Based on the general criteria, the following categorization of certain pesticides and pesticide groups is established. It may require up-dating with the development of new products.
- Non-naturally occurring plant growth regulators,
- Organochlorine pesticides,
- Persistent herbicides,
- All acaricides toxic to Phytoseiid mites,
Permitted with Restrictions*
The following categories compounds don’t fit in IPM schemes, however sometimes their use might be unavoidable, Guidelines must define clearly the restrictions and permitted indications (yellow list principle):
- Copper-based products: (maximum of 4 kg/ha of copper ion /year.
- Benzimidazole fungicides (maximum of 2 applications/year.
- Dithiocarbamate fungicides (maximum of 3 applications/year).
- IBE fungicides (maximum of 3 applications/year).
- Dicarboximide fungicides (not permitted anymore in Europe; maximum of 3 applications/year).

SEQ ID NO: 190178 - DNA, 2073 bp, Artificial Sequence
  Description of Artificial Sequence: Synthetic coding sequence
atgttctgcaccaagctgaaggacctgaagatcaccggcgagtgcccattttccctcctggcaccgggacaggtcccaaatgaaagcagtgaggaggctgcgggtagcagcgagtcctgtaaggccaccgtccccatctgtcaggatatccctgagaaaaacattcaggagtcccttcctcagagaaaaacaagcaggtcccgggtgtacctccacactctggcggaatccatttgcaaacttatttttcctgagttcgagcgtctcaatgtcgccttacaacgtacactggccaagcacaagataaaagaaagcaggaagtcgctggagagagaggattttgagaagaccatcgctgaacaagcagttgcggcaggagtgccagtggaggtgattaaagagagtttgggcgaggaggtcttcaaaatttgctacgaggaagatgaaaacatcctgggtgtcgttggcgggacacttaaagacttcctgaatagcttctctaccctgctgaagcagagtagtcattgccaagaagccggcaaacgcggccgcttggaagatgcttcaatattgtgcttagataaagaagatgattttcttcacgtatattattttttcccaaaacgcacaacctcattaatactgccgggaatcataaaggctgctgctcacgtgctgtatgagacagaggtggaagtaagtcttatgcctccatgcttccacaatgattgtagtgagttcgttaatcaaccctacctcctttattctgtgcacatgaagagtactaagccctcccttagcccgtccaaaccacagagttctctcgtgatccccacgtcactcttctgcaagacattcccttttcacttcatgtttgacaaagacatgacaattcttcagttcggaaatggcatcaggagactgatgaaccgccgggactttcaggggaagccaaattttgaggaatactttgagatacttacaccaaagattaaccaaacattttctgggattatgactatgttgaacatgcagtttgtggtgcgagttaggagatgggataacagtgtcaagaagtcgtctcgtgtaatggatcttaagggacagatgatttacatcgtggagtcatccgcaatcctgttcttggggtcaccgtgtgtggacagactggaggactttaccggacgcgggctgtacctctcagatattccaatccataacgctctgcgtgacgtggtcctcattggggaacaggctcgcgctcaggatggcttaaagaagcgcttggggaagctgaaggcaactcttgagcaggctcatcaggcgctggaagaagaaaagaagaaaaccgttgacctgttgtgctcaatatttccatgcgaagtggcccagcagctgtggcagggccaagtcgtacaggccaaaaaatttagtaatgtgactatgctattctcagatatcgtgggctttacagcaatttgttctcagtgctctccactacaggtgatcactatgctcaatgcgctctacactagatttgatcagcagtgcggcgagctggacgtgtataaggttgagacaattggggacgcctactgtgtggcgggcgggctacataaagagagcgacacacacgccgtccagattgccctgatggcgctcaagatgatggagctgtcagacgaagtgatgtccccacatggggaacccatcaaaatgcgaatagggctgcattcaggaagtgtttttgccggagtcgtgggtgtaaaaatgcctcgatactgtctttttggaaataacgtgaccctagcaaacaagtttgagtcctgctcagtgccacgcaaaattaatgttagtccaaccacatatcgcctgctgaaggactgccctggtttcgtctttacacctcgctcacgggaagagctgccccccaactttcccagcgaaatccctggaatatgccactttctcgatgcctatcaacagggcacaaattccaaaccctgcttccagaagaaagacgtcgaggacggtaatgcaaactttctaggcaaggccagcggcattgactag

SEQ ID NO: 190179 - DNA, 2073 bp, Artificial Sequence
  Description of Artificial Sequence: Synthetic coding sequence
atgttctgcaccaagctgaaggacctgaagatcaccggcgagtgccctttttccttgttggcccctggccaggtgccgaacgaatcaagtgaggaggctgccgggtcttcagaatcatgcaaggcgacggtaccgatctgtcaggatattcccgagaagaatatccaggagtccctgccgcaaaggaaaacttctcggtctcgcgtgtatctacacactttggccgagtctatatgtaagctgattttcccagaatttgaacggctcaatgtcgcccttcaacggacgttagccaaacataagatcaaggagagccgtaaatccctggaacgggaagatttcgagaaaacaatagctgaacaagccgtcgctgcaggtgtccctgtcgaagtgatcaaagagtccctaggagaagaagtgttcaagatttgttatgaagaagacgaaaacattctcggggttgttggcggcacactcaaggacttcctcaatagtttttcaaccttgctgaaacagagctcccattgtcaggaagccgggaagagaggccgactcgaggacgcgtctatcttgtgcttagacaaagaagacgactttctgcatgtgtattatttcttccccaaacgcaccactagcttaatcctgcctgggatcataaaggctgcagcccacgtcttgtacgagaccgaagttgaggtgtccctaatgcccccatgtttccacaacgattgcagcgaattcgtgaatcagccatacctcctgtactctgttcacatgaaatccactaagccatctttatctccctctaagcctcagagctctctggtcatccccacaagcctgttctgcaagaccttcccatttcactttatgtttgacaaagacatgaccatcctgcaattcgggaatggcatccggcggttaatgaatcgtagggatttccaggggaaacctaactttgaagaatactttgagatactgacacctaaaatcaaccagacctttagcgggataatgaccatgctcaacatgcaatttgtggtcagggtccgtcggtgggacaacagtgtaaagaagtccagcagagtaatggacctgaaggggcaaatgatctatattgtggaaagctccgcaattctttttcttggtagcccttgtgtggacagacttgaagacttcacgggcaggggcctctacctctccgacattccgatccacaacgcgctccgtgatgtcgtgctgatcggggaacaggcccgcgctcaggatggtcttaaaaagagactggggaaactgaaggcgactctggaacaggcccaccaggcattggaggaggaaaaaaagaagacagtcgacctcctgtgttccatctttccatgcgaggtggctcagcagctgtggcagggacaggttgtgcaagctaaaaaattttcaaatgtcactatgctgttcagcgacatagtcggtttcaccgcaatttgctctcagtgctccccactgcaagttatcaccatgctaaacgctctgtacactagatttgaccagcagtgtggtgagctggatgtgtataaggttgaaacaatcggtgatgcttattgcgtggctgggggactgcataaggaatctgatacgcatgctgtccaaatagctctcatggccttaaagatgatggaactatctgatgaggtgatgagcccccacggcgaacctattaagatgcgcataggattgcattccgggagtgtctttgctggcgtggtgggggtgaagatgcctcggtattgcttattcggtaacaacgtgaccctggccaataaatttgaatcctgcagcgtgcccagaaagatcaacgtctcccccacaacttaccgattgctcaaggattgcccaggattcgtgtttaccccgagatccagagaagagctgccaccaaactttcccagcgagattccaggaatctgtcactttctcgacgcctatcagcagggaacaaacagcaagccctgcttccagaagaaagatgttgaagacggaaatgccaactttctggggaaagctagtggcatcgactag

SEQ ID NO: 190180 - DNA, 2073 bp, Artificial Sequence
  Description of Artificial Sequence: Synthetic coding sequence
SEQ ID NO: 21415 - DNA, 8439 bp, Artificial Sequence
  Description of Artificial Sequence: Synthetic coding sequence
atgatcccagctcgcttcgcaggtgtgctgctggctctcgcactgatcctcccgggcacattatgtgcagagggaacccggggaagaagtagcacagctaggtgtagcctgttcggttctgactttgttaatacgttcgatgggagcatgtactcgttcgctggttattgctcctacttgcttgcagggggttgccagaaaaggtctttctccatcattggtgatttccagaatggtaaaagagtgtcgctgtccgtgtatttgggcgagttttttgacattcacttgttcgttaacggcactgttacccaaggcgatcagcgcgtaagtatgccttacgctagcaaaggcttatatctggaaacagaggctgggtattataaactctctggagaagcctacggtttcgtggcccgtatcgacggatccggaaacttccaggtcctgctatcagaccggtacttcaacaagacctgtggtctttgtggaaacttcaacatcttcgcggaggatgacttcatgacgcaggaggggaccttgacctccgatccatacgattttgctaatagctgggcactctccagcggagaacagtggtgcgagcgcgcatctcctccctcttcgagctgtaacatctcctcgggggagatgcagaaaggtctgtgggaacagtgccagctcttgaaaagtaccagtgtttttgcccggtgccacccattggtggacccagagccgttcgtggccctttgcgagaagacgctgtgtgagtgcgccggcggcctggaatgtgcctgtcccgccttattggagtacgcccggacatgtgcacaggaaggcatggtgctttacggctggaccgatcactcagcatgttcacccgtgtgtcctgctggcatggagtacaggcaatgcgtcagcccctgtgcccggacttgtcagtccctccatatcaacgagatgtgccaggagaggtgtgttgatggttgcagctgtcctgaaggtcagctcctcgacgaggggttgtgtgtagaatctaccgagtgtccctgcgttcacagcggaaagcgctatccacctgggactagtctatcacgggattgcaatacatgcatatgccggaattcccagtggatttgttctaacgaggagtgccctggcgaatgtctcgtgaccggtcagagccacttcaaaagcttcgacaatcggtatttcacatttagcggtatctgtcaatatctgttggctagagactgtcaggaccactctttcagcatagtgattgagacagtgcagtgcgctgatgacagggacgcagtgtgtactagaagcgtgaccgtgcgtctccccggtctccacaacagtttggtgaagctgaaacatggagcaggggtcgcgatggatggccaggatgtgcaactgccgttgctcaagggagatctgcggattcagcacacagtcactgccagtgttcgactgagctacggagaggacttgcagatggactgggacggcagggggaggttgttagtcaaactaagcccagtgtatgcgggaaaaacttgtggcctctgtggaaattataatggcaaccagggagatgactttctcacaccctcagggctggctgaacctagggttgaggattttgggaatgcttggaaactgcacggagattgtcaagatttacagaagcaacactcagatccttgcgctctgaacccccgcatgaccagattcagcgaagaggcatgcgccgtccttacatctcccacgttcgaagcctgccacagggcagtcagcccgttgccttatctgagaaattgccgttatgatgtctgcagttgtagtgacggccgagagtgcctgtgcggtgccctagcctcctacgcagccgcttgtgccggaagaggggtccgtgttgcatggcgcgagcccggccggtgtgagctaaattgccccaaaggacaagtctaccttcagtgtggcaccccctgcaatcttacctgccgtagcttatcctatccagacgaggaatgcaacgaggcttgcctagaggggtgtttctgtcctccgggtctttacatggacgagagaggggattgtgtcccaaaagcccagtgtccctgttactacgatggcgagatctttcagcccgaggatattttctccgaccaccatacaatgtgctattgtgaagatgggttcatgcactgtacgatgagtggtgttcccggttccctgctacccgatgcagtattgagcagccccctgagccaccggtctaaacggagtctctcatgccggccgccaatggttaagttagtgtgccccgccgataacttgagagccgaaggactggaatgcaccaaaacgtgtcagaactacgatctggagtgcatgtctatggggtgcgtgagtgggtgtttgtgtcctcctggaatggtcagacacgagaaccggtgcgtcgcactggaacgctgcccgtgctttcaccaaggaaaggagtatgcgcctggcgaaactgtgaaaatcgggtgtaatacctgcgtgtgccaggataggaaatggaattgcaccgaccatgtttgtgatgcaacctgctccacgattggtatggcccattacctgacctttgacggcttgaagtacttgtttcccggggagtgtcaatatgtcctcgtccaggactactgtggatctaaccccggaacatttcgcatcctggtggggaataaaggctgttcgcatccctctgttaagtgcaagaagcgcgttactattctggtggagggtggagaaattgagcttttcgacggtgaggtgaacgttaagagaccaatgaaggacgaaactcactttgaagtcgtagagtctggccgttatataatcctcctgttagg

- Broad-spectrum insecticides, their use should be limited to the secondary pests or to the mandatory control of quarantine organisms (if not possible by others methods). Their eventual use must be justified by monitoring and use of a tolerance threshold.
- Synthetic pyrethroids must not be permitted wherever possible. However, as a short-term measure, whilst research is undertaken to identify more selective control methods, synthetic pyrethroid insecticides may be used on stone fruits in the following circumstances:
Maximum of 1 application/year in emergency situations, shortly before harvest, if no alternatives are available. In case of demonstrated damages provoked by Drosophila suzukii or Haliomorpha halys, and under same conditions as above, a maximum of 2 applications/yearis permitted as a specific short term measure. IP Guidelines which permit the use of pyrethroids must have an active research program to identify more favourable alternatives.
- Post-emergence applications of herbicides are permitted in any case only after harvest.
- Persistent herbicides with DT90<1 vegetation period (spring-autumn): the situations of their exceptional use must be clearly specified (e.g. in the first three years after planting, maximum of one dose-equivalent per annum). and the risk of residues in olive oil be monitored.
*The list of “non-permitted” and “Permitted with restrictions” still contains group of active ingredients no longer allowed in Europe; if these groups are still allowed outside Europe than these rules must be followed: